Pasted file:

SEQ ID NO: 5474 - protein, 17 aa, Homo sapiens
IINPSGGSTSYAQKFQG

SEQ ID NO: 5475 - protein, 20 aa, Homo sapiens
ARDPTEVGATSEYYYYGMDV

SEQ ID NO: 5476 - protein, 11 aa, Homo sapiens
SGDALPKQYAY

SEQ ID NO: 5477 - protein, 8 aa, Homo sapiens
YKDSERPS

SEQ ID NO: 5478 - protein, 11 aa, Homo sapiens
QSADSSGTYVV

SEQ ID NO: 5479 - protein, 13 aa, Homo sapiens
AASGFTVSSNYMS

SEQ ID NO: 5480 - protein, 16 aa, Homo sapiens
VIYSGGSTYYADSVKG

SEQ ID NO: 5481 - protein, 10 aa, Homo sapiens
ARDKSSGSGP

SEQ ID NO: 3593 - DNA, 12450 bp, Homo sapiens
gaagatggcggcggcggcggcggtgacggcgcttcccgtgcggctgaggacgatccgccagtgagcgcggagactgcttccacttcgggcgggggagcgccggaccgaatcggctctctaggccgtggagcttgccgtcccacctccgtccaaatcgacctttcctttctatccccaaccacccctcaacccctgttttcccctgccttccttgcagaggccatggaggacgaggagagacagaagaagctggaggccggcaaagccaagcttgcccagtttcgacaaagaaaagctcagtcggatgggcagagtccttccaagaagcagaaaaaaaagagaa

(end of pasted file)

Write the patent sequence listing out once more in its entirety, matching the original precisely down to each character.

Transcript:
SEQ ID NO: 5474 - protein, 17 aa, Homo sapiens
IINPSGGSTSYAQKFQG

SEQ ID NO: 5475 - protein, 20 aa, Homo sapiens
ARDPTEVGATSEYYYYGMDV

SEQ ID NO: 5476 - protein, 11 aa, Homo sapiens
SGDALPKQYAY

SEQ ID NO: 5477 - protein, 8 aa, Homo sapiens
YKDSERPS

SEQ ID NO: 5478 - protein, 11 aa, Homo sapiens
QSADSSGTYVV

SEQ ID NO: 5479 - protein, 13 aa, Homo sapiens
AASGFTVSSNYMS

SEQ ID NO: 5480 - protein, 16 aa, Homo sapiens
VIYSGGSTYYADSVKG

SEQ ID NO: 5481 - protein, 10 aa, Homo sapiens
ARDKSSGSGP

SEQ ID NO: 3593 - DNA, 12450 bp, Homo sapiens
gaagatggcggcggcggcggcggtgacggcgcttcccgtgcggctgaggacgatccgccagtgagcgcggagactgcttccacttcgggcgggggagcgccggaccgaatcggctctctaggccgtggagcttgccgtcccacctccgtccaaatcgacctttcctttctatccccaaccacccctcaacccctgttttcccctgccttccttgcagaggccatggaggacgaggagagacagaagaagctggaggccggcaaagccaagcttgcccagtttcgacaaagaaaagctcagtcggatgggcagagtccttccaagaagcagaaaaaaaagagaa